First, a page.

Making Hay: Guidance Through Agricultural Testing

First cutting is starting to come in for NIRS analysis here at Ward Laboratories, INC. That means it’s the season for making hay! So, let’s take a look at how agricultural testing can help producers make quality hay from seeding to feeding!

Match the hay production system to resources and environment.

Observe the field intended for haying and surrounding area. Consider: climate, physical barriers, irrigation potential, soil type, weed presence and other attributes of the field. Choose a plant variety to match the characteristics of the field.

Test soil before planting.

A soil report will guide fertility management. It will provide recommendations for fertilization. Proper fertilization can aid in early growth, stand establishment and persistence.

Use Lime Quality Analysis and Manure or Fertilizer reports to apply proper levels of nutrients before seeding.

Applying optimal levels of nutrients is more economical. Amendments can be a major input cost in hay production. Additionally, proper fertilization can improve both yield and quality.

Plant the hay variety to match the field.

Seed the field with the variety of alfalfa, grass or mix that best suits the environment. Some things to consider when determining what to plant are winter hardiness, fall dormancy, disease resistance and yield potential.

Monitor plant growth and use tissue tests for further fertilization recommendations.

A routine plant analysis can identify any underlying nutrient issues. These subtle problems are not easily detected through soil testing. Furthermore, monitor plant growth to decide when to cut.

Cut for Hay!

Cutting time should be determined by the plant’s growth stage. For grass hays cut before the plant has produced seeds. I commonly hear producers say, “before it has headed out”. This approach will produce both high yield and good quality hay. For alfalfa, harvest in late budding will result in high quality hay. However, to improve stand persistence, legumes should be allowed to flower before one of the harvest times. Many producers allow first cutting to reach 10% bloom. They sacrifice some yield and quality, but make up for it in later cuttings and a longer rotation of alfalfa in that field.

In addition to calendar cutting time, time of day is also important. There are two schools of thought. Some producers like to cut in the morning to take advantage of a full day of sunshine for rapid drying. Others cut in the afternoon to take advantage of the high sugar content of the hay for a higher Relative Feed Value (RFV).

Cutting height can also affect RFV. Typically alfalfa is cut between 2-4 inches high to maximize yield. A grass hay should never be cut lower than 3 inches to maximize yield. Grass can be cut even higher for improved quality, however, yield is sacrificed. The higher the cutting height the higher the quality of hay. Higher cutting heights result in a higher leaf to stem ratio. Stems have more structural fiber while leaves have more sugars and protein.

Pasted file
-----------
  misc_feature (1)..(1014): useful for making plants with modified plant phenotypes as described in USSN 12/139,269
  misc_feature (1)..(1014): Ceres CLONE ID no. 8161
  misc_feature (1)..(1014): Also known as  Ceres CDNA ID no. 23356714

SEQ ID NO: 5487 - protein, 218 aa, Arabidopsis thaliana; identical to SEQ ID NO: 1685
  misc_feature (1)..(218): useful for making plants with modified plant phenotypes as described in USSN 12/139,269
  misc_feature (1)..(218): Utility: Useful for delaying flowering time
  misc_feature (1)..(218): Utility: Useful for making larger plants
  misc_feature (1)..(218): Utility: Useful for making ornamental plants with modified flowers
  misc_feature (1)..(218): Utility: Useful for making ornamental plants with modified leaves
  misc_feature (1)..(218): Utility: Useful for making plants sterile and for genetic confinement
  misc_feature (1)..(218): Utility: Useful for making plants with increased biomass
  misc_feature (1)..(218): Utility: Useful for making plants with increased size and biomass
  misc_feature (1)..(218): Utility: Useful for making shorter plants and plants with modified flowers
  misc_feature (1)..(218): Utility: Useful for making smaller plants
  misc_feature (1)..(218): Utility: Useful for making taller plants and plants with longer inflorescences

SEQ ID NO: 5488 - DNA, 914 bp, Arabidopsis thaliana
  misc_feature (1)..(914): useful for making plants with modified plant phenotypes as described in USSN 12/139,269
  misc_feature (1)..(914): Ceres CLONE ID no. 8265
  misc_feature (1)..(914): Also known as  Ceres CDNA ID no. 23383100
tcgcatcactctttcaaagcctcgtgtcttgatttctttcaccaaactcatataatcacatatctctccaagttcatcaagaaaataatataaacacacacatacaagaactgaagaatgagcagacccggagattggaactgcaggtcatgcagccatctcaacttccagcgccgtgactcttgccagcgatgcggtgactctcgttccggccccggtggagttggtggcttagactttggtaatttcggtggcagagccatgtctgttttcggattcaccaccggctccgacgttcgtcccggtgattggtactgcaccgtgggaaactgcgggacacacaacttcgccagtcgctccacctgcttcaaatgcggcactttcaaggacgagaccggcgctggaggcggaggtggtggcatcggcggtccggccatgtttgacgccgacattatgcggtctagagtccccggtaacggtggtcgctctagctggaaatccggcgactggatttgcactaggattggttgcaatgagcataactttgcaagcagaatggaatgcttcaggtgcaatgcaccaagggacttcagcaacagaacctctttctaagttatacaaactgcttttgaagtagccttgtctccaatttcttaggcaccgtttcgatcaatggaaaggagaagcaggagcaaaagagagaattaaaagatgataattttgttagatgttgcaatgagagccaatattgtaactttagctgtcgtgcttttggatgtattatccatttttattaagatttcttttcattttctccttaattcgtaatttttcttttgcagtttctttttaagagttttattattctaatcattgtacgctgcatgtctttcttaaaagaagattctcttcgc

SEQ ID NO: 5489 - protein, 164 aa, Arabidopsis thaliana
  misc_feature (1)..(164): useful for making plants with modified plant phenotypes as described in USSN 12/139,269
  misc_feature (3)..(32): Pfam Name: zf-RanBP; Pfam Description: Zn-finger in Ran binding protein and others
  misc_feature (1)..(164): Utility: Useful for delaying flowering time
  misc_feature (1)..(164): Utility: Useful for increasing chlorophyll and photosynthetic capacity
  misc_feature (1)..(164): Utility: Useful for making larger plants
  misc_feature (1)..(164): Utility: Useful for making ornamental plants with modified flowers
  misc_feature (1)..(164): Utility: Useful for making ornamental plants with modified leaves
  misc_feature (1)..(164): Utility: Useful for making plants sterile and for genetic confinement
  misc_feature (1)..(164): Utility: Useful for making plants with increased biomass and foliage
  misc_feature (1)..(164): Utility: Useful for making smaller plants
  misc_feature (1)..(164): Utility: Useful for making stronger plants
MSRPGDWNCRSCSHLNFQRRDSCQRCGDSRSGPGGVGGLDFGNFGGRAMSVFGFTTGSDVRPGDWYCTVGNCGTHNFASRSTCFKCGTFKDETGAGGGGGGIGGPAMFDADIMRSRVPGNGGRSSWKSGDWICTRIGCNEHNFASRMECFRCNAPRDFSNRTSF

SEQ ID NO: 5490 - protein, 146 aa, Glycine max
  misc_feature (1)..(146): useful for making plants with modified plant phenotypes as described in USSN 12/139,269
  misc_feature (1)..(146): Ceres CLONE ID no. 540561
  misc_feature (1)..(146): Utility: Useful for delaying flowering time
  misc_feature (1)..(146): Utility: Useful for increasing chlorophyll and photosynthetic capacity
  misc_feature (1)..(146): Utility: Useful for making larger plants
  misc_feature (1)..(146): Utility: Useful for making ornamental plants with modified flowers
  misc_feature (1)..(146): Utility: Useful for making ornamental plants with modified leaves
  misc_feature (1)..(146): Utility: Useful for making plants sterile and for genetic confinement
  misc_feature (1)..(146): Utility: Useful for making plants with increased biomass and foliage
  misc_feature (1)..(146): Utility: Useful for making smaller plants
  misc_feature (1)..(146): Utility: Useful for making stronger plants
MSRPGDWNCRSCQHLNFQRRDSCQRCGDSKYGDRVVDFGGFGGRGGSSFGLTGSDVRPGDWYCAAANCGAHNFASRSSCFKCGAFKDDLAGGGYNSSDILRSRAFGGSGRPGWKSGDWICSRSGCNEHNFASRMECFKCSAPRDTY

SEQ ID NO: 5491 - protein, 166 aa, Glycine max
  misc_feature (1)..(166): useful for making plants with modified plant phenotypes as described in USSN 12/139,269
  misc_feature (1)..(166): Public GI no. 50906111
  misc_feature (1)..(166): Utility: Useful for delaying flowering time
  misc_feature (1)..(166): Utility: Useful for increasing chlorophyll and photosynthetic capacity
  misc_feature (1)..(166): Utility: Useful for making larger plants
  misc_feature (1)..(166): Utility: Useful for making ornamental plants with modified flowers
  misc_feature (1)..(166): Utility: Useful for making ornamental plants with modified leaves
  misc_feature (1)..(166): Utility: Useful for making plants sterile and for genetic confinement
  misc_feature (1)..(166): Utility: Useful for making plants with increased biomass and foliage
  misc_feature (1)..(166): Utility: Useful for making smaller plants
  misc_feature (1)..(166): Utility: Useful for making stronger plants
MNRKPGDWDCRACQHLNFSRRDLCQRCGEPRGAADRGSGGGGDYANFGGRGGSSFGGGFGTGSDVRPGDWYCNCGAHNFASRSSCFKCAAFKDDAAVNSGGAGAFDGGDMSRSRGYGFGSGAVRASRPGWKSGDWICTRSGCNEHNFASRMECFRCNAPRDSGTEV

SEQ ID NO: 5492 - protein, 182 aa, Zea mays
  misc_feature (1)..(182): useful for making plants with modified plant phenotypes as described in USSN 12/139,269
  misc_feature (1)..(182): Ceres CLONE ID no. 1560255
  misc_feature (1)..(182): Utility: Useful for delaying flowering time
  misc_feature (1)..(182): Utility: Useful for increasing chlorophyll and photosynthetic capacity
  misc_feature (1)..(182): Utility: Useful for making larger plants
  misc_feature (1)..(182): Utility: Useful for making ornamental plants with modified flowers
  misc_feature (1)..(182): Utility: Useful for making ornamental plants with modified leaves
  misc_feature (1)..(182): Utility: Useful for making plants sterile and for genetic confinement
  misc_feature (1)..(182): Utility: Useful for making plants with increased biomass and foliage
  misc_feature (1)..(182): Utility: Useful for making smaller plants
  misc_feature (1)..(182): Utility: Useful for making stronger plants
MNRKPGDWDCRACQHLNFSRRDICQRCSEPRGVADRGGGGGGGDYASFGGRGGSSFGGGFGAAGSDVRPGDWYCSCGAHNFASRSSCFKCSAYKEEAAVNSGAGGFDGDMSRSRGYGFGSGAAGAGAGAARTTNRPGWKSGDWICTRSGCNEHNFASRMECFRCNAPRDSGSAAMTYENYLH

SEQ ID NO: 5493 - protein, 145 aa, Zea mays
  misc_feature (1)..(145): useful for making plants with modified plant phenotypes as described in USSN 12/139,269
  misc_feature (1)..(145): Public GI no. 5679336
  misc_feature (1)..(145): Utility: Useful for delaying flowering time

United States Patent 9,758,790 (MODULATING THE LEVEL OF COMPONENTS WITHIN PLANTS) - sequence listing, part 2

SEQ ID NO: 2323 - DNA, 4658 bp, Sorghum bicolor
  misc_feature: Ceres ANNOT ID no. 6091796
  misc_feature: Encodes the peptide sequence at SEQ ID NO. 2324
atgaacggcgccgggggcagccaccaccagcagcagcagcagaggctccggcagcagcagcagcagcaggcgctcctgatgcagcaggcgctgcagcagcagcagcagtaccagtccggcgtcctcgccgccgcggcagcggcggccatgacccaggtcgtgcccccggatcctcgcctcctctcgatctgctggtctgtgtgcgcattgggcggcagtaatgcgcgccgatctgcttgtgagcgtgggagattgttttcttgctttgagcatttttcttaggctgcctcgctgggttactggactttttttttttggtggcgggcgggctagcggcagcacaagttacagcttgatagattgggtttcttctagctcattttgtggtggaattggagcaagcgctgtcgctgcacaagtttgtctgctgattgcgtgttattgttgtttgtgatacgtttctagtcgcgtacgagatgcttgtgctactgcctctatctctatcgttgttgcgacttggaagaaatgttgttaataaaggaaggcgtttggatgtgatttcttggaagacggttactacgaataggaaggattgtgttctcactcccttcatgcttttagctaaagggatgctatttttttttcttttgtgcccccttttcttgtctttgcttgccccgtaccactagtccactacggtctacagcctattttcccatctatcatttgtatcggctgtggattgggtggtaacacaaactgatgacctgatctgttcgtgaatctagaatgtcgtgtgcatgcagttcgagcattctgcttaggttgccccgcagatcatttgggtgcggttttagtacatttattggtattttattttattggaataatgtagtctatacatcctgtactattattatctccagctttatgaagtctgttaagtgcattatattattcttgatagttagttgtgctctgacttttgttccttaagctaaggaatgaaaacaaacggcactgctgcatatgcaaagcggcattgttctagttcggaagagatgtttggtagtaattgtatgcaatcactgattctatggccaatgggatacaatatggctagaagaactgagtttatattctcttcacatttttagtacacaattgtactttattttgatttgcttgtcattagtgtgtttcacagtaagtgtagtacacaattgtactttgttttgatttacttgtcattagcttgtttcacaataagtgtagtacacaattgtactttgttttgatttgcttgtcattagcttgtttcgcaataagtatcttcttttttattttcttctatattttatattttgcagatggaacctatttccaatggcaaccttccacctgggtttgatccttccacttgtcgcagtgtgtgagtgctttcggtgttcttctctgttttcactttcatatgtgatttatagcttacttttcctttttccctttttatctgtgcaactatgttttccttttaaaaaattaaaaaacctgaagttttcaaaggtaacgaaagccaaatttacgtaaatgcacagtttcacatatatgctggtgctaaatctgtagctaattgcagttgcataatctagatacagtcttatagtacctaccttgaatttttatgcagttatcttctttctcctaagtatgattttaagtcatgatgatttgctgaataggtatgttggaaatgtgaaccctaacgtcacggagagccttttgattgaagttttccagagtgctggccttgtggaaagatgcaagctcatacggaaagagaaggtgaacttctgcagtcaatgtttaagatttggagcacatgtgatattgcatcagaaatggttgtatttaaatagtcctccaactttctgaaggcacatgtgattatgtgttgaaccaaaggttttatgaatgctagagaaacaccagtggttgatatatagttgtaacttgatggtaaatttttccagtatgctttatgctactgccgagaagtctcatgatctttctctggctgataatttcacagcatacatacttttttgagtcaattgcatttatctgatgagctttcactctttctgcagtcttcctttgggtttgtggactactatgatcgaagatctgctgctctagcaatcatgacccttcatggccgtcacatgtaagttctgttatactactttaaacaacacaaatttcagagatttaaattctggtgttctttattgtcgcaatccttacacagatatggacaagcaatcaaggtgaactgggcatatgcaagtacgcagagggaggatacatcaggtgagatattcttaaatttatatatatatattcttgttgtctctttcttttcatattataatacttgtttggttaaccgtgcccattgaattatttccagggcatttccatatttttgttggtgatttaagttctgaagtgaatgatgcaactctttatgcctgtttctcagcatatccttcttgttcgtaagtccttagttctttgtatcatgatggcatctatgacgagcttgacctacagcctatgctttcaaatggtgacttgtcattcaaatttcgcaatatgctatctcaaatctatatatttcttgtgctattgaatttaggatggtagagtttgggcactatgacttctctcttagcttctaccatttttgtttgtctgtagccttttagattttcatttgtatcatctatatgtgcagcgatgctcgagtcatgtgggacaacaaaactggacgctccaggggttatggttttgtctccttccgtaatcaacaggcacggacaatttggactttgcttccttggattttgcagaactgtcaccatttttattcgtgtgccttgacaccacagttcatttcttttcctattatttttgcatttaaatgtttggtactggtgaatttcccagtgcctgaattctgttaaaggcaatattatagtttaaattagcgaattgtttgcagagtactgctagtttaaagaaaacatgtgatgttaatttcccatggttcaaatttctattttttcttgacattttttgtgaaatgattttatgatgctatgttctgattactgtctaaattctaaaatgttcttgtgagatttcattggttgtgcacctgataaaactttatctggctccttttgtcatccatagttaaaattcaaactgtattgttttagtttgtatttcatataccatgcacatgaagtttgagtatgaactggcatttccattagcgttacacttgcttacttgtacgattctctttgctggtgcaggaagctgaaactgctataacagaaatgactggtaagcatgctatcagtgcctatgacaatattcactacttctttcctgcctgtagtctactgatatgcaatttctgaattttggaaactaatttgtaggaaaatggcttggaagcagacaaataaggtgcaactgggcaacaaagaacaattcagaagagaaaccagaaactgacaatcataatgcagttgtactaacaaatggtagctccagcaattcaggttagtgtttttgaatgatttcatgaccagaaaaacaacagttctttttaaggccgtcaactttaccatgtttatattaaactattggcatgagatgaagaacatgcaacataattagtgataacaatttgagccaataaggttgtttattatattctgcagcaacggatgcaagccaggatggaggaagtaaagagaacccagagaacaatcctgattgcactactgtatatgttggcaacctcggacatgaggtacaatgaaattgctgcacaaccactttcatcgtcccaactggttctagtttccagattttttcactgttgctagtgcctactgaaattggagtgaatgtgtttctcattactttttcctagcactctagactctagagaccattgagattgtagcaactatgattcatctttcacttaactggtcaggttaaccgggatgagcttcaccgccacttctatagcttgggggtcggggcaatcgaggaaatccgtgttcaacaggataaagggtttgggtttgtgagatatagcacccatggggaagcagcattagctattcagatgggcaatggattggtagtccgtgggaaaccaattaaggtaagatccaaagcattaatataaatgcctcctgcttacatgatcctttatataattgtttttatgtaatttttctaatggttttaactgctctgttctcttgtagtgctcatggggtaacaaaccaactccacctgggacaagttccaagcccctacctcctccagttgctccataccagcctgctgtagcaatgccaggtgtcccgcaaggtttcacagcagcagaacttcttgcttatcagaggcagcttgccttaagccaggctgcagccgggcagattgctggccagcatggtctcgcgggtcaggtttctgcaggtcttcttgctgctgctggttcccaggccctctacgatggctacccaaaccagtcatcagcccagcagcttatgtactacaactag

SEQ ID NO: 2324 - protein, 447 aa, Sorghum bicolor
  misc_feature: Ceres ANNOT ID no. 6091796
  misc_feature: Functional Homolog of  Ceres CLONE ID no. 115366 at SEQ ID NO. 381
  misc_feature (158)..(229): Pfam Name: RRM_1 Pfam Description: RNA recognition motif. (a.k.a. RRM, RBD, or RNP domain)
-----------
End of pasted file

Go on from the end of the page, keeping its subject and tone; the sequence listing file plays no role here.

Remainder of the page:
Condition the hay to reduce dry time.

Mechanically conditioning hay can reduce dry time by 1/2. Reduced dry time is favorable to prevent nutrient losses through plant respiration. Roller conditioners are best for legumes such as alfalfa or clover. Other types of conditioners deplete RFV through leave loss.

Create wide even swaths.

Wide even swaths increase exposure to sunlight. Sunlight is crucial to rapid dry time. Quick dry time reduces plant respiration and therefore preserves soluble carbohydrates which contribute to a high RFV. It is recommended that swaths cover approximately 60% of the cut area.

Rake Swaths into rows that match the width and density of the baler.

Alfalfa should be raked when it is at 40% moisture to avoid leaf loss. If it is too dry the leaves will be brittle and their fine particles will be lost. As a result RFV will be reduced. If the window for raking at 40% moisture has passed, rake early in the morning when dew is on the hay to preserve the leafy portion of the hay. Alfalfa usually reaches 40% moisture approximately 24 hours after cutting.

Grass should be raked at around 25% moisture as leaf loss is not as much of a concern.

Bale the windrows.

After swaths have been raked into windrows to match the baler, baling should proceed efficiently. To avoid mold and heat damage, bale once hay is dry. For small square bales, moisture should be less than 18%. For larger bales, moisture should be between 14 -15% or dryer.

Use NIRS analysis to determine the quality of the hay

NIRS is a quick way to measure the nutrients in the hay. Ward Laboratories, INC. NIRS analysis uses equations from the NIRS Feed and Forage Consortium. Nutrients on the report include: Crude Protein, ADF, NDF, TDN, Net Energies for beef cattle, NDF digestibility at 48 hours, Fat, Ash, Starch, Water Soluble Carbohydrates, Ethanol Soluble Carbohydrates, and more.

Store hay properly.

A lot of work and proper timing goes into making quality hay. Don’t let it go to waste. Store hay properly by protecting it from the elements. Wind and rain can damage hay. Store hay under a cover whenever possible.

In conclusion,agricultural tests are available for every stage of hay production. Use data to guide management decision. Making hay is an art and a science.

About the author

Rebecca earned her M.S. in Animal Nutrition from the University of Wyoming with a collaborative project with the US Meat Animal Research Center. She is an active member of the American Registry of Professional Animal Scientists. With a passion for producer education she is a regular contributor to Progressive Forage Magazine. Currently, she serves as the Immediate Past President of the NIRS Forage and Feed Testing Consortium (NIRSC).

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